What is copyright?
For an original work to be protected by US Copyright Law, it must:
Intellectual property is protected by laws specific to the expression of an idea. Copyright is the law specific to the expression of ideas in visual or audio form. Unlike a trademark that indicates a specific item or design is protected, copyright covers a different expression of thought. The term copyright contains within it the meaning of the term: the right to the copy.
Copyright grants creators the exclusive rights:
Look for the copyright notice ©, if there is one (generally there is in a published book), or other type of license. That gives the name of the copyright holder. It is most often the author but could be the publisher. If the copyright holder is deceased, it may be their estate. There are several online resources to search for copyright holders:
--Adapted from Yale University Library
At this point you are aware that the majority of original work that is saved in some tangible form has copyright protections regardless of publication status.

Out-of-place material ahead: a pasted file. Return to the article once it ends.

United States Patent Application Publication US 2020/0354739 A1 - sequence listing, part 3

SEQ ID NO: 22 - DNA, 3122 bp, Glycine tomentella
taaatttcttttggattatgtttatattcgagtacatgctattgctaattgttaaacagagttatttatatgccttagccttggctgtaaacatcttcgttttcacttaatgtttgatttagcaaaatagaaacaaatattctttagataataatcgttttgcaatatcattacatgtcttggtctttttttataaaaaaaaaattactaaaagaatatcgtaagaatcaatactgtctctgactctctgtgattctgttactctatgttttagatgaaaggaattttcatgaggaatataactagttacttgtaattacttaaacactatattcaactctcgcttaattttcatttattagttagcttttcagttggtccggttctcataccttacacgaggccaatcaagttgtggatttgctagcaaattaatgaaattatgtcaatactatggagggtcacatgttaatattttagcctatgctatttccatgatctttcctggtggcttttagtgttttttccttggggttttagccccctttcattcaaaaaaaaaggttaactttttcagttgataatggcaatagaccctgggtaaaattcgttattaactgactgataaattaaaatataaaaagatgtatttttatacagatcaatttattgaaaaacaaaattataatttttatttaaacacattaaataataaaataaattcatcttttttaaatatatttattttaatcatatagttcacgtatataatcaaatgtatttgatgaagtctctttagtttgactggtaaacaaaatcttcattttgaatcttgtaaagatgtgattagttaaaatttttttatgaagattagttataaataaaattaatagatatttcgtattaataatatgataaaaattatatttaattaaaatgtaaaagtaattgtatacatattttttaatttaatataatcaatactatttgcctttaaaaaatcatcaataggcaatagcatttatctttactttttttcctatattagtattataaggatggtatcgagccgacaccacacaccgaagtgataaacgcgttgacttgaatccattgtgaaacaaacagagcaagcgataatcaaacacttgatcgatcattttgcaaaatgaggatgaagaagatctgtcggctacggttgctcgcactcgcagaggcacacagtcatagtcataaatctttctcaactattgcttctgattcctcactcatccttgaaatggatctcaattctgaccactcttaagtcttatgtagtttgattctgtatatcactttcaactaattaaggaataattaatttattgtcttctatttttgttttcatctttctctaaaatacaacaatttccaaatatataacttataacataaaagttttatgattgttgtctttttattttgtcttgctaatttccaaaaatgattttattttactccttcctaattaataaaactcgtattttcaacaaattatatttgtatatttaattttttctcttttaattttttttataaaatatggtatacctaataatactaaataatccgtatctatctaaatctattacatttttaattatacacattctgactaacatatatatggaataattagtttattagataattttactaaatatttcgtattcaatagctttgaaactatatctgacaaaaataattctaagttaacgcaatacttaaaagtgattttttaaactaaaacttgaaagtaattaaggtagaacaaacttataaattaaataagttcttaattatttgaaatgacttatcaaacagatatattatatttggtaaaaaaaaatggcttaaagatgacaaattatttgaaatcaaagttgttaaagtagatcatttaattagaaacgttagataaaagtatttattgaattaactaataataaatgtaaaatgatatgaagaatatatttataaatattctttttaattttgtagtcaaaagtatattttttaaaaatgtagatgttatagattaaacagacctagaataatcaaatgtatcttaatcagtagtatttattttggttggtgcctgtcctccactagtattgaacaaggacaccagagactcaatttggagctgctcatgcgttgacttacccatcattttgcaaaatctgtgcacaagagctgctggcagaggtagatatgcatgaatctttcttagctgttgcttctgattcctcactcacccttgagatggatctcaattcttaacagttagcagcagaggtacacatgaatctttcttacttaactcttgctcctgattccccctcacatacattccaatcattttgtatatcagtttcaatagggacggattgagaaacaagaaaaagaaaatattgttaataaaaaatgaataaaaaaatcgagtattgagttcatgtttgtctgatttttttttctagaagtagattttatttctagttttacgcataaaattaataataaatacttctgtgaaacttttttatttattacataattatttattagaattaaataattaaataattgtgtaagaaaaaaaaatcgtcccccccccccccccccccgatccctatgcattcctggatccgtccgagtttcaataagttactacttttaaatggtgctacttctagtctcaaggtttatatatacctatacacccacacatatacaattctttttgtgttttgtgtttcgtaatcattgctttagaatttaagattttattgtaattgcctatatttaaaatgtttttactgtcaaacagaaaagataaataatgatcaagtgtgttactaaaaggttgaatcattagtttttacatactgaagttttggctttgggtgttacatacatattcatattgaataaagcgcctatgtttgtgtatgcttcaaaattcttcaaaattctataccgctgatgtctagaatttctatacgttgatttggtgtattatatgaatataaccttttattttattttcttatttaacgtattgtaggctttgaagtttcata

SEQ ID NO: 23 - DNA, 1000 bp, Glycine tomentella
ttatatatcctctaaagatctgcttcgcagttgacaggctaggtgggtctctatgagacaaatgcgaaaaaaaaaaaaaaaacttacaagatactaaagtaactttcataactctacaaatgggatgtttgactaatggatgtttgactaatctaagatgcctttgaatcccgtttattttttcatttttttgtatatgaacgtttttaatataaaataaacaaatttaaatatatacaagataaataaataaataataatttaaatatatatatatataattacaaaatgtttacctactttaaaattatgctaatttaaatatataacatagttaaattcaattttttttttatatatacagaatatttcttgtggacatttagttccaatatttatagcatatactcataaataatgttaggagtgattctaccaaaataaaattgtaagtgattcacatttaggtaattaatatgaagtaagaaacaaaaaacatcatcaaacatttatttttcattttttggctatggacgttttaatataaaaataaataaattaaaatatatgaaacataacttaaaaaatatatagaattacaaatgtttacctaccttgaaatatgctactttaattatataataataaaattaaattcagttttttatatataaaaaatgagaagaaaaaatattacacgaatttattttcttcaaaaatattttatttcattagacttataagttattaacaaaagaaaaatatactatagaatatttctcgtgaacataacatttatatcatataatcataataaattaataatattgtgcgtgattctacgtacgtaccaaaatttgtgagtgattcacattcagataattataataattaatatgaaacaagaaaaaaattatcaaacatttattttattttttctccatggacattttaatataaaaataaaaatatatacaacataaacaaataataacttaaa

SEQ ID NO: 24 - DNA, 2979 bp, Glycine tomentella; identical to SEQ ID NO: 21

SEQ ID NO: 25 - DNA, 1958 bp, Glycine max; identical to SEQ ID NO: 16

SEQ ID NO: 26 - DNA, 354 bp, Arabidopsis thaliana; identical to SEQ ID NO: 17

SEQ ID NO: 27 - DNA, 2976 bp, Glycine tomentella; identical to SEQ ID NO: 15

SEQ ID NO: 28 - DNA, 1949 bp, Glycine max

When determining if something is subject to copyright protection or not you will want to consider two things:
If you are still unable to find any documentation regarding the work in question -- reach out to the creator or the estate to ask!
There are two primary rationales for copyright law, though rationales do vary among legal traditions. The utilitarian rationale is associated with common law, while authors’ rights identifies with the civil law.
Utilitarian: In this view, the purpose of copyright is to incentivize creators with the social benefits that will come from those works, including commercial gains.
Author’s rights: Founded upon moral rights, in this rationale copyright protection serves to recognize and protect the deep connection authors have with their creative works. This ensures attribution for authors and preserves the integrity of creative works.
US copyright does not protect “any idea, procedure, process, system, method of operation, concept, principle, or discovery.”
There are a couple of things you can do with copyrighted material:
There are a few exceptions or limitations to copyright that may apply: